2015 ACEEE State Energy Efficiency Scorecard: 20 States Rise and Massachusetts Reigns – But Just Barely

For the fifth year, Massachusetts has earned a #1 ranking on the American Council for an Energy-Efficient Economy (ACEEE)’s State Energy Efficiency Scorecard, scoring 44 out of a possible 50 points. California, hot on the winner’s trail, was only half a point behind.

Released earlier this week, the State Energy Efficiency Scorecard analyzes state energy efficiency policies and program efforts, offering recommendations for ways to improve.

It seems a little healthy competition is indeed a good thing. According to the ACEEE, savings from electricity efficiency programs in 2014 totaled about 25.7 million MWh, a 5.8 percent increase over last year – a savings equivalent to about 0.7 percent of total retail electricity sales across the nation in 2014. And, an encouraging 20 states rose in the rankings this year, including California, Maryland, Illinois, the District of Columbia, and Texas.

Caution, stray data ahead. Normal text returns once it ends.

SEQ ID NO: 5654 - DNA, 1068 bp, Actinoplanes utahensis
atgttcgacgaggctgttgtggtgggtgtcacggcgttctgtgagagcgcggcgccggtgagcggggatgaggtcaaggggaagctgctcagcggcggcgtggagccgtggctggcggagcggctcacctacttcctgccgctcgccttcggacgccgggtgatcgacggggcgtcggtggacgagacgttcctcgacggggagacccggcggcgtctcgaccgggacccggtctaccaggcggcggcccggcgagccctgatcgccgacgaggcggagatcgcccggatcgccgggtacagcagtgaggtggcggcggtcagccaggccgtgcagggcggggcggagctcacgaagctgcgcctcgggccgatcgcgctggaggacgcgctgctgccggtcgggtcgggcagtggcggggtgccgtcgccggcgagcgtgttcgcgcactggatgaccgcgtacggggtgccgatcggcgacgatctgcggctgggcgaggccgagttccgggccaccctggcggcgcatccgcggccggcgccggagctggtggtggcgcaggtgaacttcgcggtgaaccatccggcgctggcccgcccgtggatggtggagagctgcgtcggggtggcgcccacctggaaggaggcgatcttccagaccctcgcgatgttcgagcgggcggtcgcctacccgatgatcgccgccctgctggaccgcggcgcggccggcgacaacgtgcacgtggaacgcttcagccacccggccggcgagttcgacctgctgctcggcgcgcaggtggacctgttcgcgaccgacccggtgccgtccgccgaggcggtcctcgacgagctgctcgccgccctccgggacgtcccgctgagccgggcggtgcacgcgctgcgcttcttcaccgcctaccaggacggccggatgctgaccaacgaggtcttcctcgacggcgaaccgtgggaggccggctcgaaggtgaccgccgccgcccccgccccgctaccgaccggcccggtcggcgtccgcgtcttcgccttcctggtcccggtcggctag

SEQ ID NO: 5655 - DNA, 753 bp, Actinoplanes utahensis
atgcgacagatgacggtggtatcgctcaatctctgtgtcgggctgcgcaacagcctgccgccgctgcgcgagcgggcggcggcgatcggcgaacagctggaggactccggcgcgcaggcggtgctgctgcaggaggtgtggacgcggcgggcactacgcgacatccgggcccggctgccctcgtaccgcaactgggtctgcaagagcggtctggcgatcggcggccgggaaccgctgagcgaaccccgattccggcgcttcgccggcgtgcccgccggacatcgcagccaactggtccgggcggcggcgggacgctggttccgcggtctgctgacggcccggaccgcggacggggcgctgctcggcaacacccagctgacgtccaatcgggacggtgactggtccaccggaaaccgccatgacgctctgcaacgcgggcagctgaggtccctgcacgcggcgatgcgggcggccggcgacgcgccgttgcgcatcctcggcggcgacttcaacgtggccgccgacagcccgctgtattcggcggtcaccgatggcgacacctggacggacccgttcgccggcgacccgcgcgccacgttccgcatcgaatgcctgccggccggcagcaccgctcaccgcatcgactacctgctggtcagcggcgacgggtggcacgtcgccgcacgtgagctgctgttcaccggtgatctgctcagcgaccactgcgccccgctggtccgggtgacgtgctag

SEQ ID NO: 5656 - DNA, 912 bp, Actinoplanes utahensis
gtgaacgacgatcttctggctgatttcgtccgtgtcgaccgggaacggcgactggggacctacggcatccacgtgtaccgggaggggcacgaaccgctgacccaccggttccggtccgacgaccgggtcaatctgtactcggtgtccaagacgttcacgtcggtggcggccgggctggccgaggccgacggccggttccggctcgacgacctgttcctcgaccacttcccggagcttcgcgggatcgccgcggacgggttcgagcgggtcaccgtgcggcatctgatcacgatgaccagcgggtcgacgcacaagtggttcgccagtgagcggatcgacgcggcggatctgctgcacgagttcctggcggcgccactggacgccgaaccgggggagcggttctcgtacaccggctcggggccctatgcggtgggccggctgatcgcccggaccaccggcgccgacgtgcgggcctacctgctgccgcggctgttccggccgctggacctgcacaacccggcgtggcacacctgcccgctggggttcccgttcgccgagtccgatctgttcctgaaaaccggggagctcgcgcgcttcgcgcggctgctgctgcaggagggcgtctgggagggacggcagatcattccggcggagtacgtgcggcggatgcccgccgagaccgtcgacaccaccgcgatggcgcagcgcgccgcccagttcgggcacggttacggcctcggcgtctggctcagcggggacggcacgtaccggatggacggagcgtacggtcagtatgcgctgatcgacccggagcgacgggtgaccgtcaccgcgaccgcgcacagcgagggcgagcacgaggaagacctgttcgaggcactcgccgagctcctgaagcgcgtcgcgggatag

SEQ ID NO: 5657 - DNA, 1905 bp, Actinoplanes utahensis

Like Massachusetts, California continues to lead by example with measures such as requirements for reductions in greenhouse (GHG) emissions, major efforts in schools, and a cap-and-trade program – all earning it an ACEEE nod as “most improved.” California’s governor is also calling to double the rate of efficiency savings over the next 15 years as part of an effort to reduce greenhouse gas emissions by 40 percent below 1990 by 2030.

D.C., also among the most improved for its second year, is gaining momentum with its DC Sustainable Energy Utility programs. And many other states in the middle indeed deserve a pat on the back for their continued efforts.

But, as more states up their energy-efficiency game with aggressive energy savings targets, and policies for utilities and building codes, is the gap between these star performers and those states at the bottom of the list widening?